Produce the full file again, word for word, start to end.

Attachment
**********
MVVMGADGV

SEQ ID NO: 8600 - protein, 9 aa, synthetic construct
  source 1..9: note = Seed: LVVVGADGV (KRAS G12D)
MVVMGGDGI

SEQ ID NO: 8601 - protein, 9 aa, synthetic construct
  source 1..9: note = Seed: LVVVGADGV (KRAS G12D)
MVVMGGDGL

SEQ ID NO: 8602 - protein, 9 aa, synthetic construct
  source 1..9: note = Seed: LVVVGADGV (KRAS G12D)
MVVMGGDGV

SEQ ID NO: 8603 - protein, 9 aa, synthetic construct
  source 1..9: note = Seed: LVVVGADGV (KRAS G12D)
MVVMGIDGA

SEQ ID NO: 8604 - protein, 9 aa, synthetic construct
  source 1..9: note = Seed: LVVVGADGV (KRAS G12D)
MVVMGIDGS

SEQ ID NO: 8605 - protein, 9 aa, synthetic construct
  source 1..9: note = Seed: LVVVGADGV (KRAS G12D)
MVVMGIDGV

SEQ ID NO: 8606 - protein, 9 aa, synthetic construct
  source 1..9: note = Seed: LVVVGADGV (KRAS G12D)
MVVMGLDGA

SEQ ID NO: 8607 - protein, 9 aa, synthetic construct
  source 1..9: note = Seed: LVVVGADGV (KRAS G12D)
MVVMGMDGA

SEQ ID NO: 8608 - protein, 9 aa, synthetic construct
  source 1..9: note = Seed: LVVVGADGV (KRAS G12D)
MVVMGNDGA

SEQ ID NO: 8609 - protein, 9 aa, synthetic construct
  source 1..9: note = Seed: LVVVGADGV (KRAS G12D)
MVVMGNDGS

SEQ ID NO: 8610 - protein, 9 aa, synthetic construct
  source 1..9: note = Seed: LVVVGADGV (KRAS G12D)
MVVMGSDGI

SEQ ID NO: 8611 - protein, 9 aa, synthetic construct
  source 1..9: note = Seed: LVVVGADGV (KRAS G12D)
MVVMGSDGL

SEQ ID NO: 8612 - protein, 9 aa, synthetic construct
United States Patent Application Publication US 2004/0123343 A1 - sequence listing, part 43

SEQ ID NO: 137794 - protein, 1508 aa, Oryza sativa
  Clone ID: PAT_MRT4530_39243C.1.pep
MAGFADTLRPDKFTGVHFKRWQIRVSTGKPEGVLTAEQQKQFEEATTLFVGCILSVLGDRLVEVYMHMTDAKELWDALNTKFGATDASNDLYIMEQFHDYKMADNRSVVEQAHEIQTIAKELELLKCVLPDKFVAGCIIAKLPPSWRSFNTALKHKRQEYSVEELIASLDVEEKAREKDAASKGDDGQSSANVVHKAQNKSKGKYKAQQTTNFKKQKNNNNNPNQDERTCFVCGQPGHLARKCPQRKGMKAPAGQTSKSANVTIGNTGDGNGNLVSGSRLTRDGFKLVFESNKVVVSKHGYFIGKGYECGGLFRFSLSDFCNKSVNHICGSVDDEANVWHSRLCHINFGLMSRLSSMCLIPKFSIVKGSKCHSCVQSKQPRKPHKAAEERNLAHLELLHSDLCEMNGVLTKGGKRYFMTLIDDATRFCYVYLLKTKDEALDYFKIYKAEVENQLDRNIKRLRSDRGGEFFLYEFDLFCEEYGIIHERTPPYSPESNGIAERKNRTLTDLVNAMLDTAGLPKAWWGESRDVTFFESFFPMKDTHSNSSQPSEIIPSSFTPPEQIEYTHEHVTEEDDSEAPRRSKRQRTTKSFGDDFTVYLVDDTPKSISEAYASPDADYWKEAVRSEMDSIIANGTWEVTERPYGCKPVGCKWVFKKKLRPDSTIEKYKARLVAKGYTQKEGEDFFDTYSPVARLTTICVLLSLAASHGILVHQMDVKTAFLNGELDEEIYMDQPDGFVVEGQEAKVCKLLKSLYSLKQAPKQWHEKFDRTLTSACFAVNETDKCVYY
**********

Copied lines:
MVVMGADGV

SEQ ID NO: 8600 - protein, 9 aa, synthetic construct
  source 1..9: note = Seed: LVVVGADGV (KRAS G12D)
MVVMGGDGI

SEQ ID NO: 8601 - protein, 9 aa, synthetic construct
  source 1..9: note = Seed: LVVVGADGV (KRAS G12D)
MVVMGGDGL

SEQ ID NO: 8602 - protein, 9 aa, synthetic construct
  source 1..9: note = Seed: LVVVGADGV (KRAS G12D)
MVVMGGDGV

SEQ ID NO: 8603 - protein, 9 aa, synthetic construct
  source 1..9: note = Seed: LVVVGADGV (KRAS G12D)
MVVMGIDGA

SEQ ID NO: 8604 - protein, 9 aa, synthetic construct
  source 1..9: note = Seed: LVVVGADGV (KRAS G12D)
MVVMGIDGS

SEQ ID NO: 8605 - protein, 9 aa, synthetic construct
  source 1..9: note = Seed: LVVVGADGV (KRAS G12D)
MVVMGIDGV

SEQ ID NO: 8606 - protein, 9 aa, synthetic construct
  source 1..9: note = Seed: LVVVGADGV (KRAS G12D)
MVVMGLDGA

SEQ ID NO: 8607 - protein, 9 aa, synthetic construct
  source 1..9: note = Seed: LVVVGADGV (KRAS G12D)
MVVMGMDGA

SEQ ID NO: 8608 - protein, 9 aa, synthetic construct
  source 1..9: note = Seed: LVVVGADGV (KRAS G12D)
MVVMGNDGA

SEQ ID NO: 8609 - protein, 9 aa, synthetic construct
  source 1..9: note = Seed: LVVVGADGV (KRAS G12D)
MVVMGNDGS

SEQ ID NO: 8610 - protein, 9 aa, synthetic construct
  source 1..9: note = Seed: LVVVGADGV (KRAS G12D)
MVVMGSDGI

SEQ ID NO: 8611 - protein, 9 aa, synthetic construct
  source 1..9: note = Seed: LVVVGADGV (KRAS G12D)
MVVMGSDGL

SEQ ID NO: 8612 - protein, 9 aa, synthetic construct
United States Patent Application Publication US 2004/0123343 A1 - sequence listing, part 43

SEQ ID NO: 137794 - protein, 1508 aa, Oryza sativa
  Clone ID: PAT_MRT4530_39243C.1.pep
MAGFADTLRPDKFTGVHFKRWQIRVSTGKPEGVLTAEQQKQFEEATTLFVGCILSVLGDRLVEVYMHMTDAKELWDALNTKFGATDASNDLYIMEQFHDYKMADNRSVVEQAHEIQTIAKELELLKCVLPDKFVAGCIIAKLPPSWRSFNTALKHKRQEYSVEELIASLDVEEKAREKDAASKGDDGQSSANVVHKAQNKSKGKYKAQQTTNFKKQKNNNNNPNQDERTCFVCGQPGHLARKCPQRKGMKAPAGQTSKSANVTIGNTGDGNGNLVSGSRLTRDGFKLVFESNKVVVSKHGYFIGKGYECGGLFRFSLSDFCNKSVNHICGSVDDEANVWHSRLCHINFGLMSRLSSMCLIPKFSIVKGSKCHSCVQSKQPRKPHKAAEERNLAHLELLHSDLCEMNGVLTKGGKRYFMTLIDDATRFCYVYLLKTKDEALDYFKIYKAEVENQLDRNIKRLRSDRGGEFFLYEFDLFCEEYGIIHERTPPYSPESNGIAERKNRTLTDLVNAMLDTAGLPKAWWGESRDVTFFESFFPMKDTHSNSSQPSEIIPSSFTPPEQIEYTHEHVTEEDDSEAPRRSKRQRTTKSFGDDFTVYLVDDTPKSISEAYASPDADYWKEAVRSEMDSIIANGTWEVTERPYGCKPVGCKWVFKKKLRPDSTIEKYKARLVAKGYTQKEGEDFFDTYSPVARLTTICVLLSLAASHGILVHQMDVKTAFLNGELDEEIYMDQPDGFVVEGQEAKVCKLLKSLYSLKQAPKQWHEKFDRTLTSACFAVNETDKCVYY